yet knowledge for a discerner is easy.
Is this because a scorner seeks wisdom only within himself?
לֵךְ מִנֶּגֶד לְאִישׁ כְּסִיל וּבַל־יָדַעְתָּ שִׂפְתֵי־דָעַת׃ 14:7
Prov. 14:7 Go from a foolish man's presence,
as you will not encounter lips of wisdom.
חָכְמַת עָרוּם הָבִין דַּרְכֹּו וְאִוֶּלֶת כְּסִילִים מִרְמָה׃ 14:8
Prov. 14:8 Understanding one's way is the wisdom of a prudent person,
while the folly of fools is deceit.
אֱוִלִים יָלִיץ אָשָׁם וּבֵין יְשָׁרִים רָצֹון׃ 14:9
Prov. 14:9 The guilt offering of fools would be a mockery,
but in the midst of the upright is acceptance.
Does this verse indicate that the guilt offering of the upright is received with acceptance, whereas the guilt offering of fools would be ignored?
לֵב יֹודֵעַ מָרַּת נַפְשֹׁו וּבְשִׂמְחָתֹו לֹא־יִתְעָרַב זָר׃ 14:10
Prov. 14:10 Only the heart is knowing of the bitterness of one's soul,
and in its joy no other can share.
I’m not sure about this one either -- at least the second part. I have a very close friend who has been poor all her life. Recently she received a check for an amount many times larger than she had ever known. She was expecting it, but withheld her glee because she wouldn’t believe it until it actually happened. When it did, she called me and told me; then she started laughing hysterically on the phone. She couldn’t contain her happiness. It was very soon infectious and I found that I was laughing heartily right along with her. We were both laughing so hard, joyously, and long that by the time we were finished we were both physically and emotionally exhausted. I’d say I had shared in her heart’s joy.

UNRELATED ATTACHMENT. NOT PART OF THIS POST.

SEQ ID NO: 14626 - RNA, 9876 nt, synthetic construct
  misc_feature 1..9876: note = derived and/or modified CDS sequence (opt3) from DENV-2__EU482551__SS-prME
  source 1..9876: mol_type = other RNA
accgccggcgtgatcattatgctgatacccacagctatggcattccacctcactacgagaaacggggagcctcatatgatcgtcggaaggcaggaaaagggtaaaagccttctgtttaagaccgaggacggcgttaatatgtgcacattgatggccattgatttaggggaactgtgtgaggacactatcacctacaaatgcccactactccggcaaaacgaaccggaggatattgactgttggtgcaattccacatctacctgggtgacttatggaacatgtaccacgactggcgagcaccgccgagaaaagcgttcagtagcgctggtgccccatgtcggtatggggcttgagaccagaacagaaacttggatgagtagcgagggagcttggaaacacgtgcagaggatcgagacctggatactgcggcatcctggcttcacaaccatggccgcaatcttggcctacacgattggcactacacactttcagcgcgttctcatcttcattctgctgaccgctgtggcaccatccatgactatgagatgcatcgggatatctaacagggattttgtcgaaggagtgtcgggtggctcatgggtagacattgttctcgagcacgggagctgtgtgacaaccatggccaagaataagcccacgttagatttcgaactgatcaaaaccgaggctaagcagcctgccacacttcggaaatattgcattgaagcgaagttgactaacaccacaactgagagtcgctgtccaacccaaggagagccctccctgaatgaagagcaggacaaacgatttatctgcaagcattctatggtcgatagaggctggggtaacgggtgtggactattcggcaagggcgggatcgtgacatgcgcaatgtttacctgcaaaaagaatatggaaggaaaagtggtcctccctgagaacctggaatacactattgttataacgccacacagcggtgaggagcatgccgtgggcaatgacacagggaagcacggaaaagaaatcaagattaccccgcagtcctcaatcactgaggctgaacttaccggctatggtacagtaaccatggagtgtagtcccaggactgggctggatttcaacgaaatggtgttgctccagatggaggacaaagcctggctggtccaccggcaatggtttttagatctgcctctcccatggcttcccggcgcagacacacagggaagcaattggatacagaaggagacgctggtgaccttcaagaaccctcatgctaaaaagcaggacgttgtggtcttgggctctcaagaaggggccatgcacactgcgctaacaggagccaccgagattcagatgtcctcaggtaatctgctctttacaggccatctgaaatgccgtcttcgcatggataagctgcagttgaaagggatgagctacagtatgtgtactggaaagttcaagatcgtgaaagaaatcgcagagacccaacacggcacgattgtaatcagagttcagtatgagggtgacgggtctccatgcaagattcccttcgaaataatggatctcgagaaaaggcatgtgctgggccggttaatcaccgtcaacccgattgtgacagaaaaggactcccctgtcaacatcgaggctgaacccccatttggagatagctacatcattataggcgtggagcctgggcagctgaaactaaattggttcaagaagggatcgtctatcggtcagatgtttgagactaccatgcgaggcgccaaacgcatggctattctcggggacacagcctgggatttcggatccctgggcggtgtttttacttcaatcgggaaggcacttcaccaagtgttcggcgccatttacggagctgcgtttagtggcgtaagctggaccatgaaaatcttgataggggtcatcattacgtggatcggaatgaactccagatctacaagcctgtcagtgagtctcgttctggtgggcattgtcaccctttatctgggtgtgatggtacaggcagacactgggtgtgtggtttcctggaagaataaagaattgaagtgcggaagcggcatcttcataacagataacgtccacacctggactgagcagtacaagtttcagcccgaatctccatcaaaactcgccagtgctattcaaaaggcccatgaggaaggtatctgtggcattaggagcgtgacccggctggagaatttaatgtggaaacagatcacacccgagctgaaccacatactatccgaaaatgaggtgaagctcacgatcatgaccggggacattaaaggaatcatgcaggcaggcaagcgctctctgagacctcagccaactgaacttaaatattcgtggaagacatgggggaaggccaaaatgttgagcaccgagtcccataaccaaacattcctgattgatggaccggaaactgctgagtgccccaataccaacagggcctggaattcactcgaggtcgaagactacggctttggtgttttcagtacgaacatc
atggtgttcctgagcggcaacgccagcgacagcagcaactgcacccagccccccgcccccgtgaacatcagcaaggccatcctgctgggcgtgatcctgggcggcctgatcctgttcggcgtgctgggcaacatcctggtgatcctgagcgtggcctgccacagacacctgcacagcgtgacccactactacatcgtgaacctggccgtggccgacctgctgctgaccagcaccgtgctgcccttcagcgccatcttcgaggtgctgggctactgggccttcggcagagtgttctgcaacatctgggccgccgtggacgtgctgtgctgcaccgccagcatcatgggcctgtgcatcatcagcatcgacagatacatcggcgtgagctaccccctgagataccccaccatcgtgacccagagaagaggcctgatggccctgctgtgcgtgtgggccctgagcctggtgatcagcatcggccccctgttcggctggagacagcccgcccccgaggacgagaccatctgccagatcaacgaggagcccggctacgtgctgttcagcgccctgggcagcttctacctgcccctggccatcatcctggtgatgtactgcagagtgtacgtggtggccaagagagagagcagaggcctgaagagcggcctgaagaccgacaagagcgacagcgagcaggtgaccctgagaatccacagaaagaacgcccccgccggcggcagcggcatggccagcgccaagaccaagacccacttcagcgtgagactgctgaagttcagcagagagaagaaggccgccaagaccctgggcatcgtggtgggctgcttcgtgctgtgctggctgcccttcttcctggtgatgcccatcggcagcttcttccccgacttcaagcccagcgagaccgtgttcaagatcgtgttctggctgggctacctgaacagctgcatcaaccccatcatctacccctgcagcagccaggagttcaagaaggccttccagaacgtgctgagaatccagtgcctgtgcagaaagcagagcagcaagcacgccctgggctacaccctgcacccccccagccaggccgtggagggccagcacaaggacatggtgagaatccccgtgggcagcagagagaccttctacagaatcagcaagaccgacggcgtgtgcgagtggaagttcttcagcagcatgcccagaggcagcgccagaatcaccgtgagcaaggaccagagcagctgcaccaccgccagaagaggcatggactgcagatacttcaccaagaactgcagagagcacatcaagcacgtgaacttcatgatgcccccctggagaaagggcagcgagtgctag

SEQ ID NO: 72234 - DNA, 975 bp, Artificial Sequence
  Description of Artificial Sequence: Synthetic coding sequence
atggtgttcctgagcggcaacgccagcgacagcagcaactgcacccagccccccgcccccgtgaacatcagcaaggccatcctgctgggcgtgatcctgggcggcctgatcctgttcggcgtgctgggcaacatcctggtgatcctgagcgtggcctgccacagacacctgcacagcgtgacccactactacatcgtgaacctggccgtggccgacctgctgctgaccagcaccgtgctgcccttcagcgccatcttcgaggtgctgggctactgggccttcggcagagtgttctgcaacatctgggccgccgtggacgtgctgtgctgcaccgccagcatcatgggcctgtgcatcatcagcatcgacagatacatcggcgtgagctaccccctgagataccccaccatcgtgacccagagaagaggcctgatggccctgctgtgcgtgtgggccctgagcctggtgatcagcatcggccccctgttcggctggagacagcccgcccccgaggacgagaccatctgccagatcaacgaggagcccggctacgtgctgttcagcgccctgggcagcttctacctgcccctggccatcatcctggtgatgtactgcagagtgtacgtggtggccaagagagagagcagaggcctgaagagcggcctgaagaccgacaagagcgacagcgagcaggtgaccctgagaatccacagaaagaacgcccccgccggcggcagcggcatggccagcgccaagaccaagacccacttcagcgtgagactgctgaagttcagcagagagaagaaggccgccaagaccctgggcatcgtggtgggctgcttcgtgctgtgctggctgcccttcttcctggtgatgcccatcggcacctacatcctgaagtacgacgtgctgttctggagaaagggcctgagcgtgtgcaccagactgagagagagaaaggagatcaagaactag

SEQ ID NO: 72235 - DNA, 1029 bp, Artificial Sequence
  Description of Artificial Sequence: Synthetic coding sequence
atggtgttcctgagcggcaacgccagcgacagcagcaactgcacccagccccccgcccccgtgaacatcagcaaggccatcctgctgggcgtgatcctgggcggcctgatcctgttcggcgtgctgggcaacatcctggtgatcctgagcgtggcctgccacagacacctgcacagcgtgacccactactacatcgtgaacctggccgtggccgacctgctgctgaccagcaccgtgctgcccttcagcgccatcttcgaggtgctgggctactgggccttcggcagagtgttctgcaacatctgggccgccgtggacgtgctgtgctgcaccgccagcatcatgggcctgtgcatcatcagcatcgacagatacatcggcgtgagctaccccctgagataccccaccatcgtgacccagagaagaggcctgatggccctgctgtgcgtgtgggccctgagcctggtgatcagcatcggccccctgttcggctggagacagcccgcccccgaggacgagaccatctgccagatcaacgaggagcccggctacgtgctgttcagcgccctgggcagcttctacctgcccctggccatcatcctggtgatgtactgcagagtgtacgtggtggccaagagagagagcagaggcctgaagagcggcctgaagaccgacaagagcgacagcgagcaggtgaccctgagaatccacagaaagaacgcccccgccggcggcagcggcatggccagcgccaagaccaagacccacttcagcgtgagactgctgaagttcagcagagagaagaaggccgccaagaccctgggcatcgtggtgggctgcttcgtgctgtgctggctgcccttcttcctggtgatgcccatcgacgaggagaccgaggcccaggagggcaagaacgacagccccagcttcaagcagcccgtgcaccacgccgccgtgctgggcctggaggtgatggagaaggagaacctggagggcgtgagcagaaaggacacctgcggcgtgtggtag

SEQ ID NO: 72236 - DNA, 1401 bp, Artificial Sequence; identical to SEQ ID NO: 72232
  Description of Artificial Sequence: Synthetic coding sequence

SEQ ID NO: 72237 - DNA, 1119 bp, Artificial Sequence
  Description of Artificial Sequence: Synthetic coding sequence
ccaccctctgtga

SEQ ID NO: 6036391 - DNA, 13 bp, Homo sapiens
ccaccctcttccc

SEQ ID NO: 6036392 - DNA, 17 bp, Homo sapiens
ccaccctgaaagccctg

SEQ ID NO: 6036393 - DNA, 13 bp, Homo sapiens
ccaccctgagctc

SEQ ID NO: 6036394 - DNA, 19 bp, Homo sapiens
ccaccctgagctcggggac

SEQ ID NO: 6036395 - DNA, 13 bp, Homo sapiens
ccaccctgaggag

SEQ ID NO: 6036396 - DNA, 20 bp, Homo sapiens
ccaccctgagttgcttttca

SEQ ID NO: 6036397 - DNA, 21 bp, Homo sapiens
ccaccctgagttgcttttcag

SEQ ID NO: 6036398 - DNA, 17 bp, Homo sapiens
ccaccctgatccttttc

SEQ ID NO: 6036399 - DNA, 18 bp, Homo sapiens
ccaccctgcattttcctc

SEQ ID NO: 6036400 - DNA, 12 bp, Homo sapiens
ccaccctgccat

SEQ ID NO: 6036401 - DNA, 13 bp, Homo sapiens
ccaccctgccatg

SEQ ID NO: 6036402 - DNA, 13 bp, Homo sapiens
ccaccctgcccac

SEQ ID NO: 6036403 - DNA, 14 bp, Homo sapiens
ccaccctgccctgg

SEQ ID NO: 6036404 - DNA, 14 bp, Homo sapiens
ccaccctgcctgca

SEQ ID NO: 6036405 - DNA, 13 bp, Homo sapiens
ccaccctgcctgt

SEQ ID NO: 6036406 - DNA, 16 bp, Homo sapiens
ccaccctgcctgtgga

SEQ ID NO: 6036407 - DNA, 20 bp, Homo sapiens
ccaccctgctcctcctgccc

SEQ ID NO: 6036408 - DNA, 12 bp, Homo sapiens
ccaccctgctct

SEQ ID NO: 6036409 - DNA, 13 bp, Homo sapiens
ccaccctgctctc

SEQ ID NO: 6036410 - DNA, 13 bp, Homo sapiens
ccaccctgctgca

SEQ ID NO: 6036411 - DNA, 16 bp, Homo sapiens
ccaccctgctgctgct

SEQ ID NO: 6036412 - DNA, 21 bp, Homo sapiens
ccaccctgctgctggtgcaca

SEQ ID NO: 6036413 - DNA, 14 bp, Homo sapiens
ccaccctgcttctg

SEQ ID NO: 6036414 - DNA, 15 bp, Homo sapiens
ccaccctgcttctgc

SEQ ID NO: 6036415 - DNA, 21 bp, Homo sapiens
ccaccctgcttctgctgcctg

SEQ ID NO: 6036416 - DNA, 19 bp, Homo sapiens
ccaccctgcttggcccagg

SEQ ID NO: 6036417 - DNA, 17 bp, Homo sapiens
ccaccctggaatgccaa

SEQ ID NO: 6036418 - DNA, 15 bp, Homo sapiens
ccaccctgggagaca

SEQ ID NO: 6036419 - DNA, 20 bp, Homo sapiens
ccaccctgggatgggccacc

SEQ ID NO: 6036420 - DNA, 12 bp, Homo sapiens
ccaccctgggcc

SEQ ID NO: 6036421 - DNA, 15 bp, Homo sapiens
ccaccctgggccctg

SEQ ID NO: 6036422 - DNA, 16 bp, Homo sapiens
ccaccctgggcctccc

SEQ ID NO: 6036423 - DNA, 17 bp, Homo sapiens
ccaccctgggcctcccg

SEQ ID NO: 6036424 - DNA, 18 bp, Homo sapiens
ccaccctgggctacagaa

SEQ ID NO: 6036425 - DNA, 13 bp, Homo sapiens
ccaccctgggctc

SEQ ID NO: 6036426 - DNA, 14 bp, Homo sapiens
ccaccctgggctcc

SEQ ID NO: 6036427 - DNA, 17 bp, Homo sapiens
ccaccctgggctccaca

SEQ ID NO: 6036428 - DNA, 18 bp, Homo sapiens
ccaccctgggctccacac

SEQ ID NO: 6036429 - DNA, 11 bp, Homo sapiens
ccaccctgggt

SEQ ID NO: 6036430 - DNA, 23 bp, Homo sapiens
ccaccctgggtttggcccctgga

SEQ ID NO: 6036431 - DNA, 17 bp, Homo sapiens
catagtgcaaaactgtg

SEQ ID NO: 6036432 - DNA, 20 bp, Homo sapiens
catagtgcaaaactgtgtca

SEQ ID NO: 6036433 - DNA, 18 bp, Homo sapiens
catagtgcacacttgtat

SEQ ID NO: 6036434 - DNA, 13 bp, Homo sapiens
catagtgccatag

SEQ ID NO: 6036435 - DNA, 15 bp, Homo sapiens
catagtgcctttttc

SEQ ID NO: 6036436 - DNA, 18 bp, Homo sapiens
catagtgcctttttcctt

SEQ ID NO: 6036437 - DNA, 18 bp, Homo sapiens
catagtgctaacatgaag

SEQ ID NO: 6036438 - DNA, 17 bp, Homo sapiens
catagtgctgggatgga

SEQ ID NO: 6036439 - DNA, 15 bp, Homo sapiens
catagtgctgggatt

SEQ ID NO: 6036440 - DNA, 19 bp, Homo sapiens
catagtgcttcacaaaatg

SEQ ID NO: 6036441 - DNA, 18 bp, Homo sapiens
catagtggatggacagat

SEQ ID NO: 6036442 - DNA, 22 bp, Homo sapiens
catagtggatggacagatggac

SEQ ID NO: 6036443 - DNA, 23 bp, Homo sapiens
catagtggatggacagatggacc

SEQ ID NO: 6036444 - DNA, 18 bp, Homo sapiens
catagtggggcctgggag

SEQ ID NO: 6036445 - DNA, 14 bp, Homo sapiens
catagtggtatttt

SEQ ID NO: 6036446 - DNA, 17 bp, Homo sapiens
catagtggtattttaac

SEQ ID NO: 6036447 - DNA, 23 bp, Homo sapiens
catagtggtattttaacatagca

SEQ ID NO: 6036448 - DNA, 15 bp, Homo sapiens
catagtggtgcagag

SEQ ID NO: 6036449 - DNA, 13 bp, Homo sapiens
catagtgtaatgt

בֵּית רְשָׁעִים יִשָּׁמֵד וְאֹהֶל יְשָׁרִים יַפְרִיחַ׃ 14:11
Prov. 14:11 The house of the wicked shall be destroyed,
but the tent of the upright shall continue to bloom.
יֵשׁ דֶּרֶךְ יָשָׁר לִפְנֵי־אִישׁ וְאַחֲרִיתָהּ דַּרְכֵי־מָוֶת׃ 14:12
Prov. 14:12 There may be a path seeming upright before a person,
but its end may be paths of death.
I take this to mean that one must be wary even when the path we are on may seem right and safe.
[Return to Prov. 16:25]
גַּם־בִּשְׂחֹוק יִכְאַב־לֵב וְאַחֲרִיתָהּ שִׂמְחָה תוּגָה׃ 14:13
Prov. 14:13 In laughter the heart might indeed be pained,
and joy, its end may be grief.
Life is difficult after all.
מִדְּרָכָיו יִשְׂבַּע סוּג לֵב וּמֵעָלָיו אִישׁ טֹוב׃ 14:14